This is Why We Can’t Have Nice Things.

We’ve been hiking a lot this summer.

We’re going on day 46 of 100 consecutive days of hiking here.

We try to hike with a ziploc bag to pick up trash that we see on the trails.

You see, I don’t mind picking up a piece of paper here, or what I call “accidental garbage”–we’ve been known to accidentally drop a cracker or too on the trails. That kind of stuff happens.

But I do mind “deliberate garbage”–meaning trash that jerks leave in our wilderness areas with no intention of packing it out.

I hate coming across a fire pit full of trash. A fire pit is not nature’s garbage can, and most of the time those types of fire pits aren’t even legal.

You suck jerks.

I’ve packed out your condom wrappers, cigarette butts, beer bottles, socks (oh Lord have I seen socks out there), fireworks, t-shirts, baby diapers (yep), and chew cans. Don’t even get me started about how much I hate picking up bags of dog poop on the side of the trail. It’s like a magic gift that emerges every spring.

So, yah, you could say I’m angry.

But thanks for helping me teach my children valuable lessons about environmental stewardship as we pick up your garbage together.

We have this website encouraging people to get outdoors. We want to lead guided trips and tours. We want to teach a backcountry navigation class and hold seminars. We want to take people to see cool historic sites.

But we have a responsibility here, especially going forward as we try to obtain the appropriate permits from the National Forest.

I believe that the majority of people who use the National Forest do the right thing. It’s the small minority who are jerks. The problem is that they create such a problem that it looks bad on everyone who uses the National Forest.

This is why we can’t have nice things.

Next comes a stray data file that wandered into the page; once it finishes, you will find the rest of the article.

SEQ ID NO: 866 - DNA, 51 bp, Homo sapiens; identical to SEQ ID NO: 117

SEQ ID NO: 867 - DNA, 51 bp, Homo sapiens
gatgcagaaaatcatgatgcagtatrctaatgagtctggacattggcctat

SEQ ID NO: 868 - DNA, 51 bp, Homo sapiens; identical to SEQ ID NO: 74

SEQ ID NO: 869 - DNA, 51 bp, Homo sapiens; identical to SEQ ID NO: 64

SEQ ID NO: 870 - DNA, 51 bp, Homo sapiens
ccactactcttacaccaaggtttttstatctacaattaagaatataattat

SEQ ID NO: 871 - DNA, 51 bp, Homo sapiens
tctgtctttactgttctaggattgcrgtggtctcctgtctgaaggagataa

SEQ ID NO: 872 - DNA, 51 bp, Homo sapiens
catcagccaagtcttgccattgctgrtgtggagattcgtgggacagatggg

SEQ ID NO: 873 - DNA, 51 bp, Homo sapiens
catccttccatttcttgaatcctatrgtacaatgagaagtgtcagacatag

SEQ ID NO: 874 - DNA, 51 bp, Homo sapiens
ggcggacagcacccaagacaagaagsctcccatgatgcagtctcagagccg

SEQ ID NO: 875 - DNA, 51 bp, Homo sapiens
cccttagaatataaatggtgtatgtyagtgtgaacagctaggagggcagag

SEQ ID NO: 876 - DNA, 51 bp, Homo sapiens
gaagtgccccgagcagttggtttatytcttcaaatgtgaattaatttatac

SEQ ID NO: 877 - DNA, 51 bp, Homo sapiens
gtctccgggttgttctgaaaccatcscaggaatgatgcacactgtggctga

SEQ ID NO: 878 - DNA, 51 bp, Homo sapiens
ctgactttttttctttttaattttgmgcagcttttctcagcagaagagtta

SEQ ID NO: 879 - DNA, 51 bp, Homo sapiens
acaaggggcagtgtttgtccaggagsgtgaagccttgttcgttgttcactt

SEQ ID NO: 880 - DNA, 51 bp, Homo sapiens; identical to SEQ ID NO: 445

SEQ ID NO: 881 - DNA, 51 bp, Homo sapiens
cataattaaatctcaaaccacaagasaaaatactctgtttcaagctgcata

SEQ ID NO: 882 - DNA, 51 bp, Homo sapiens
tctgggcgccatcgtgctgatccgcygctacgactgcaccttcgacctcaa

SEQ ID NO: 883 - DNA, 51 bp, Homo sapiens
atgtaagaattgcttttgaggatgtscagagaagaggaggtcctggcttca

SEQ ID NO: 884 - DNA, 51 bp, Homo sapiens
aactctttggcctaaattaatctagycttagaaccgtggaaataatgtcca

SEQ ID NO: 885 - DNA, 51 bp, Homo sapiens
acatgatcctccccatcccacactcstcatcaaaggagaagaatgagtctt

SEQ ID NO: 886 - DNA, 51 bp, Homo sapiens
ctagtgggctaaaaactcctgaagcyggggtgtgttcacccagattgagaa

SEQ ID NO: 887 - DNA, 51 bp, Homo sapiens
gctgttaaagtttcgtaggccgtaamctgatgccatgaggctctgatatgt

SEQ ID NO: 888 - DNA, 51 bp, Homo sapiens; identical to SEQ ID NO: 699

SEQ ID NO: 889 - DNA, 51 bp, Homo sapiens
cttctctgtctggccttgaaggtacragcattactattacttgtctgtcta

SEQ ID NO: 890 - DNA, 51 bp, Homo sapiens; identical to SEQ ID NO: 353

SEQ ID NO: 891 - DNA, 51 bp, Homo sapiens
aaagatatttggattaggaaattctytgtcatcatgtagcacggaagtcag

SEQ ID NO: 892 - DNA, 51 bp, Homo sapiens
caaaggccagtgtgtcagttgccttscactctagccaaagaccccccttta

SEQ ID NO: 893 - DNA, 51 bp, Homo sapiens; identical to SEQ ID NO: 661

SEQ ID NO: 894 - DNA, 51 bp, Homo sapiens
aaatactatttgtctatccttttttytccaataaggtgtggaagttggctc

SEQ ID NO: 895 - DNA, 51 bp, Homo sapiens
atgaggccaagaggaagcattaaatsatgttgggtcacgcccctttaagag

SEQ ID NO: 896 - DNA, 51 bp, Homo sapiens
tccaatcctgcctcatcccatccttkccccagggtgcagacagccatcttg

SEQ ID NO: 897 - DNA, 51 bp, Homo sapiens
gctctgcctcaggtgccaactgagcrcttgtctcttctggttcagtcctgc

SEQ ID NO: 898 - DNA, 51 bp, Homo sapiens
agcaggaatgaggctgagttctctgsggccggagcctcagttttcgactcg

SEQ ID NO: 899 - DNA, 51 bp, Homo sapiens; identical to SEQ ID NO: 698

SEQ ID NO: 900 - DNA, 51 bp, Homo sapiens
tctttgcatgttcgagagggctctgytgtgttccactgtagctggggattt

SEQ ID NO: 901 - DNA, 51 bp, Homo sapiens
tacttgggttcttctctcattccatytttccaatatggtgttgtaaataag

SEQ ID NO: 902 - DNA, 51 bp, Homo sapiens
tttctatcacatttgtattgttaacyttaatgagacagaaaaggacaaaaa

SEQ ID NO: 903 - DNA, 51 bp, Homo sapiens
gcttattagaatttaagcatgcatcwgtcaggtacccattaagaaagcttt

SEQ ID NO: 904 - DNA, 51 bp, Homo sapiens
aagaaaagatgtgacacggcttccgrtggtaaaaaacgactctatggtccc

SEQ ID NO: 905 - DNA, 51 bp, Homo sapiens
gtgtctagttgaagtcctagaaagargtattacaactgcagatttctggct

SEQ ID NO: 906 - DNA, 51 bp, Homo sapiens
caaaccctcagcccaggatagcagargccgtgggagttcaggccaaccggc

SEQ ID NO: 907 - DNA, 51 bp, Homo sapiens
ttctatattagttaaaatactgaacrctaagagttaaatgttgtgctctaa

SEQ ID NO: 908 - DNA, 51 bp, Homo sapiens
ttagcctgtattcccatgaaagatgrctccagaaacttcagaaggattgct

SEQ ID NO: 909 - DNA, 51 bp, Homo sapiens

But I get the feeling that I’m not the only one who’s angry. We see people picking up trash on the trails frequently, I think most of our readers are the one’s doing the right thing and picking up their own trash…if not the trash that other’s leave behind.

The sad thing is it’s just not the trash.

  • It’s people carving their initials into trees. (Get real, it’s 2014 who does this?)
  • It’s people not using switchbacks.
  • It’s people driving ATV’s on trails only open to hikers, mountain bikers and horseback riders.
  • It’s people ruining precious vegetation by driving their vehicles where they shouldn’t.

So what can we do?

  • Is it enough to just pick up trash when we see it and to try to reduce our own impact on the environment?
  • Is it enough to tell someone to stop being a jerk when you see them doing something stupid in the wilderness.

I don’t know.

I’d like to think that as our local hiking community grows and expands we can eventually do something like the awesome Poudre Wilderness Volunteers.

Or maybe do some volunteer work for the Forest Service.

But until then I’ll keep on saving room in my pack for the trash of others, and I hope you will too.

So let’s end with a positive. Leave a comment below and tell us about something good you’ve seen someone do on our local trails. It could be as simple as saying “hello” or someone giving directions to someone, or being a responsible user of the forest. We’re sticking a few Just Trails stickers in the mail to anyone who can tell us something good!

 

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User Comments

  1. Pingback: Keep the Med Bow Beautiful! -Join Us! -Just Trails

  2. Linda |

    I used to be a VIP (Volunteer in the Park) at Great Smoky Mountains National Park in Tennessee for many years. It is incredible what people leave behind. I did a four mile trail but the first 1.5 miles were the worst as many folks went up that far to see a nice waterfall and not go much further.

    If someone ‘packs it in’ then after you have used the contents why can’t they ‘pack it out” too? What a shame. Cigarette butts were my pet peeve.

    Thanks for going above and beyond and helping to save our natural wonders.

    • Rebecca |

      Ugh, yes icky cigarette butts. Thank YOU for your volunteer service 🙂 Cheers!

  3. Pingback: Wyoming Wilderness: Finding Balance -Just Trails

  4. Sara |

    I believe you’ve talked about this before but WHO bags dog poop and then DOESN’T pack it out?? It makes no sense! Might as well just NOT bag it!

  5. Lindsay Sweley |

    My friend and I met two dudes from Colorado who were hiking up Med Bow Peak on the same route as us and we ended up singing a song about granite counter tops together when the going got a little tough. 🙂

  6. We try very hard to do the same – wish more would. Thanks to people like you the trails can be a little better for all. We are retired and hike only in Guernsey State Park and the Laramie Peak area but still find plenty to pick up. I stuff my candy and snack wrappers in my pocket, doesn’t seem so hard. Keep spreading the word, or is it news. Nice post and keep hiking Wyoming.

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